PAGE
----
Travelers United, a non-profit that claims to “represent all travelers,” has sued MGM Resorts over much-loathed resort fees.
On its Web site, Travelers United says this is “a price deception case,” claiming “this is a clear case of false advertising.”
Nobody loves resort fees, but from our experiences with MGM Resorts, the fees are transparent and readily available when booking a room.
So, good luck with this one, lawyers.
We rail against resort fees as much as anyone, but we’re fairly sure this practice isn’t going away because of lawsuits like this.
You can read the Complaint here (.pdf format). The case was filed in the District of Columbia. Still, Vegas-related.
The reasons for hotels charging resort fees are fairly complicated. Sorry, but we don’t have time to explain anything “complicated” because we are very busy and important. We also don’t entirely understand the reasons, but mostly the “busy and important” thing.
The obvious reason hotels charge this fee is to make more money. Yes, we went to public school.
Another reason is so hotels can be competitive on OTAs, or online travel sites. Customers often search for rooms based upon price. As resort fees aren’t included in the official price of a room, those lower priced rooms show up higher in search.
There’s also the motivation of recouping housekeeping and other costs for comped (free) rooms. Yes, hotels charge resort fees on “free” rooms.
In addition, hotels don’t have to pay occupancy tax for resort fees because, technically, it’s not a room charge.
Yeah, it’s all a little slimy.
Hotels say resort fees are for things like spa access and WiFi and, wait for it, local phone calls.
The real problem with resort fees is they’re perceived as a “hidden” fee. The reality is they’re not very hidden because everyone who has ever stayed at a hotel with resort fees knows about them. Which is pretty much everyone that’s ever stayed in a hotel.
Some people are really, really passionate about ending resort fees, like the folks at KillResortFees.com. There, you will learn a lot about this ridiculous practice.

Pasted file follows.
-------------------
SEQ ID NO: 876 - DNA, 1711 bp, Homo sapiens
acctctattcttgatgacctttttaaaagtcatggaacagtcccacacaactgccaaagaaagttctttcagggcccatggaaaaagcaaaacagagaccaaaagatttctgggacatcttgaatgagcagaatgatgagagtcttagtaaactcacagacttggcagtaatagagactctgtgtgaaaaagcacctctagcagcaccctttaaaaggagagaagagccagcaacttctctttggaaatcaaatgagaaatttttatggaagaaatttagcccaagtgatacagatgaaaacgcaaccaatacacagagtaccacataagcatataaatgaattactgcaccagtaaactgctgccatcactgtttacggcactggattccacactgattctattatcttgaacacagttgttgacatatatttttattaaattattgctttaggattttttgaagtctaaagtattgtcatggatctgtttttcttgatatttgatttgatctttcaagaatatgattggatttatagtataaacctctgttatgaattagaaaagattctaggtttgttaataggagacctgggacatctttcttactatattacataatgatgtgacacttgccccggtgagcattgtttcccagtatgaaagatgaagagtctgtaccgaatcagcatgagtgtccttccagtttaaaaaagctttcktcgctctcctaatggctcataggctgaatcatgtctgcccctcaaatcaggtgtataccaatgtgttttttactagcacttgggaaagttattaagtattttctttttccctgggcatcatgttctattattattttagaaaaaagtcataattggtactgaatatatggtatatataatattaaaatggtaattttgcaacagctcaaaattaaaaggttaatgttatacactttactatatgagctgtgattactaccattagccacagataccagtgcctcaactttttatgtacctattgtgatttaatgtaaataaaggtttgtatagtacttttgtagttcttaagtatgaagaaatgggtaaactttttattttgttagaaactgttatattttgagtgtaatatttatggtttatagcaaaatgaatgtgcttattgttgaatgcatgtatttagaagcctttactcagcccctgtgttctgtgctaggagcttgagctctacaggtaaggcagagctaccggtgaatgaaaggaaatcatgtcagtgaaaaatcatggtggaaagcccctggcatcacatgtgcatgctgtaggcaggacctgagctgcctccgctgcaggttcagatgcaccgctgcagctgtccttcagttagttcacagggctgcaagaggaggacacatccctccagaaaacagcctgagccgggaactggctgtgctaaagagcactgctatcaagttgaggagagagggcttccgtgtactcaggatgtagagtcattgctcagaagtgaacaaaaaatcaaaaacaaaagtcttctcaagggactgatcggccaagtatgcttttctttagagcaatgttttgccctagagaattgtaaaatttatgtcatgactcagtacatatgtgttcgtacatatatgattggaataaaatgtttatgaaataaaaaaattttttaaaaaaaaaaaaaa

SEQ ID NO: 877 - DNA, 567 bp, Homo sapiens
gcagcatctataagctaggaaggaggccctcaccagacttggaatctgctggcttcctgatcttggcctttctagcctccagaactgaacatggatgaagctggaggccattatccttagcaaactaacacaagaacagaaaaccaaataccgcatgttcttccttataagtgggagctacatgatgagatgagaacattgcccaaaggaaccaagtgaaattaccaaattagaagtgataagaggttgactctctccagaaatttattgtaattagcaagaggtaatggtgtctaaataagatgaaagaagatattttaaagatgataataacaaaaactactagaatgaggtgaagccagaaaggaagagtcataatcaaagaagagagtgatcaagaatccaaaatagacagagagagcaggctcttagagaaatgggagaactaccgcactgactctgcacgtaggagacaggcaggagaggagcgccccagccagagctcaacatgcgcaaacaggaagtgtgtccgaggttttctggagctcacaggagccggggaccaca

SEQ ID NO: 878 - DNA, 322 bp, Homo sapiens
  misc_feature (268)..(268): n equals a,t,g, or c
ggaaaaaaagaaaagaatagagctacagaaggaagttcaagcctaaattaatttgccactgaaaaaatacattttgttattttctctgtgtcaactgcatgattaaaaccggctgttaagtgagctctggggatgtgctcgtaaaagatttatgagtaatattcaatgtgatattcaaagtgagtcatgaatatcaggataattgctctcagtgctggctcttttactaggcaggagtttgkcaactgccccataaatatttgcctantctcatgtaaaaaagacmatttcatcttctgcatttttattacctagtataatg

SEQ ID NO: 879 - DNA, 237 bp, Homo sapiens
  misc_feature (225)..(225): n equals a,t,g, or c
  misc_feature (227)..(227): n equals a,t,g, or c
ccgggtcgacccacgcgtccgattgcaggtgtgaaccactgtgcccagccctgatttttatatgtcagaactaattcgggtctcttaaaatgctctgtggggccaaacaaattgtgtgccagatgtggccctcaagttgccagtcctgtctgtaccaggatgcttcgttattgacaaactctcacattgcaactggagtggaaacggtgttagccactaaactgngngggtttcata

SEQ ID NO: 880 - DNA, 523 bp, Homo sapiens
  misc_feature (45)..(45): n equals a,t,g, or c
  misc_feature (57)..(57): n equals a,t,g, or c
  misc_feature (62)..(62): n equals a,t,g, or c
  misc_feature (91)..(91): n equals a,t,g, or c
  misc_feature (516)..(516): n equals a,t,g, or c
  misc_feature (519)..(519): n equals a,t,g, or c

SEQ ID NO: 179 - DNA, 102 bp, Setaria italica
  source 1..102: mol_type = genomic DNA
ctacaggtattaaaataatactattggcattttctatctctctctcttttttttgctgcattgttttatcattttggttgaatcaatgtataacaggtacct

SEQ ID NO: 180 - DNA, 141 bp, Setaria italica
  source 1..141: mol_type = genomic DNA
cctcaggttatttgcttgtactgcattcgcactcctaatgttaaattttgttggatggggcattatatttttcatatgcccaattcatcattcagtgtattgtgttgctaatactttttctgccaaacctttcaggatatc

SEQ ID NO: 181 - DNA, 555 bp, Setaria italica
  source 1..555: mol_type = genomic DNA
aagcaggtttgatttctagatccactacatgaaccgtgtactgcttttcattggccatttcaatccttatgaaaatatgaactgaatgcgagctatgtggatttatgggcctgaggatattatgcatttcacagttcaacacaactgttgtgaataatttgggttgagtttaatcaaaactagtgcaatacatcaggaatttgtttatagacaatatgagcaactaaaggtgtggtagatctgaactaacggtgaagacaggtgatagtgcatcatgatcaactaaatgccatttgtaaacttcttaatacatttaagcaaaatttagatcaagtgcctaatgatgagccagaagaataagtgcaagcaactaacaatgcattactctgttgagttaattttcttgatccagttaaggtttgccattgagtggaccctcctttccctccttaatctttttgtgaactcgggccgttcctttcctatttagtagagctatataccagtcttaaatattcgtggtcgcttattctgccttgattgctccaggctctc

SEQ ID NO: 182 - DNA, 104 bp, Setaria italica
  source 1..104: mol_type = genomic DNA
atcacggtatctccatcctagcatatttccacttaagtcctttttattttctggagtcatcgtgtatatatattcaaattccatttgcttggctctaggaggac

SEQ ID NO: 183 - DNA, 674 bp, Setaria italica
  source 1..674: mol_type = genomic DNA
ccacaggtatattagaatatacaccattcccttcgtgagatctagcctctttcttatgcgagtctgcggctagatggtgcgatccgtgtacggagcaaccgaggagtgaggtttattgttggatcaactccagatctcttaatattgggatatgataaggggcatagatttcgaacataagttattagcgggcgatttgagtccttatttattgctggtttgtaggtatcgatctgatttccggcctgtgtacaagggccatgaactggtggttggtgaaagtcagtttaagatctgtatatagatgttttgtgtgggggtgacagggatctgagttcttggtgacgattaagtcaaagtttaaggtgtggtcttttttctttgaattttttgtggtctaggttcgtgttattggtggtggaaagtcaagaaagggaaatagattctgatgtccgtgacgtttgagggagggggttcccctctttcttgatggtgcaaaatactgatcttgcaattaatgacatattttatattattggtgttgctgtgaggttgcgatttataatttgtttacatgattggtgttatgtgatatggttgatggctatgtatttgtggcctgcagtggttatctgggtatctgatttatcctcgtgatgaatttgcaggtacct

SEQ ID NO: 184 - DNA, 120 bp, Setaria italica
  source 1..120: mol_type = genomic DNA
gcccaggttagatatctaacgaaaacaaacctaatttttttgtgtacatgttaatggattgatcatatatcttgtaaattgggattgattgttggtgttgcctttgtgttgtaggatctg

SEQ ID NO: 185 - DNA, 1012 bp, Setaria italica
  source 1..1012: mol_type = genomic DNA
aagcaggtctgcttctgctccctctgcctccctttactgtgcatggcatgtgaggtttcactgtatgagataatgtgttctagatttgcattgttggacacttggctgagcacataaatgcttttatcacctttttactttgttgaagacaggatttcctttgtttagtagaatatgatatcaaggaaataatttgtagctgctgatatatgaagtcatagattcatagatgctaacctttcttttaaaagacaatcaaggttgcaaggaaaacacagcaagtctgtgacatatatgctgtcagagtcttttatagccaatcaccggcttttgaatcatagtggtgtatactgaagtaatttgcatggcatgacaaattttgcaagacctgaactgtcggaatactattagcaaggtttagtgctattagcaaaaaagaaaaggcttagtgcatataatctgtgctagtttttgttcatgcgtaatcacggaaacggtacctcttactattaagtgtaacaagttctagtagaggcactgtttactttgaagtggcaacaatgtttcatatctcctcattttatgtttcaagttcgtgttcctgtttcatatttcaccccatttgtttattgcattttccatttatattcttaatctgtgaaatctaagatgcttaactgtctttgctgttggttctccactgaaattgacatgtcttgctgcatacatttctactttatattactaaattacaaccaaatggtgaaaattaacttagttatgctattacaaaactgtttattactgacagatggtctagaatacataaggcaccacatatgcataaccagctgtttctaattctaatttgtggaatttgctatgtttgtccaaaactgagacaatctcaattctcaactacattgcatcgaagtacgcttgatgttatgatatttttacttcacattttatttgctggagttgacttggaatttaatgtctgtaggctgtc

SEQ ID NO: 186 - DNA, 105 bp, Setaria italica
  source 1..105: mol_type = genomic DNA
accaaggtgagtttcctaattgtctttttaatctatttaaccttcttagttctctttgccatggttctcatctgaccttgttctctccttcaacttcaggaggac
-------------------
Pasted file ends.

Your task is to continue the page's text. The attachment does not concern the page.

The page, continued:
While we appreciate the dislike of resort fees (sometimes called amenities fees or facilities fees), the rage about them has always been a little disproportionate to the level of irk.
In the case of Las Vegas, rooms are incredibly inexpensive compared to other destinations, even with resort fees attached.
If resort fees go away, hotels will just raise their room rates to make up for the lost revenue.
We say just add up the room rate and resort fee and be done with it. It’s the total cost that matters, not what label a charge is given.
Call resort fees something else if you need to. Call them “Frolicking Baby Panda Fees” if you prefer. Pandas are adorable. “It’s the fee that clings to your leg and you can’t shake it off!”
Call them “Happy Ending Fees.” Although, that’s an actual service in Las Vegas, so nevermind.
You know what we mean.
The Travelers United suit follows attorneys general in Nebraska and D.C. going after Hilton and Marriott last year.
The agency tasked with monitoring and presumably punishing hotels for deceptive practices, the FTC (Federal Trade Commission), has been fairly useless in resolving this ongoing burr under the collective saddle of travelers.
We’ll keep an eye on the Travelers United lawsuit, as it could bring more attention to the aggravating issue of resort fees.
There are still a few casino resorts in Las Vegas that don’t charge resort fees, but it’s a pretty short list. They include Four Queens, Binion’s and Casino Royale. Virgin Las Vegas announced it will not have resort fees when it opens March 25, 2021.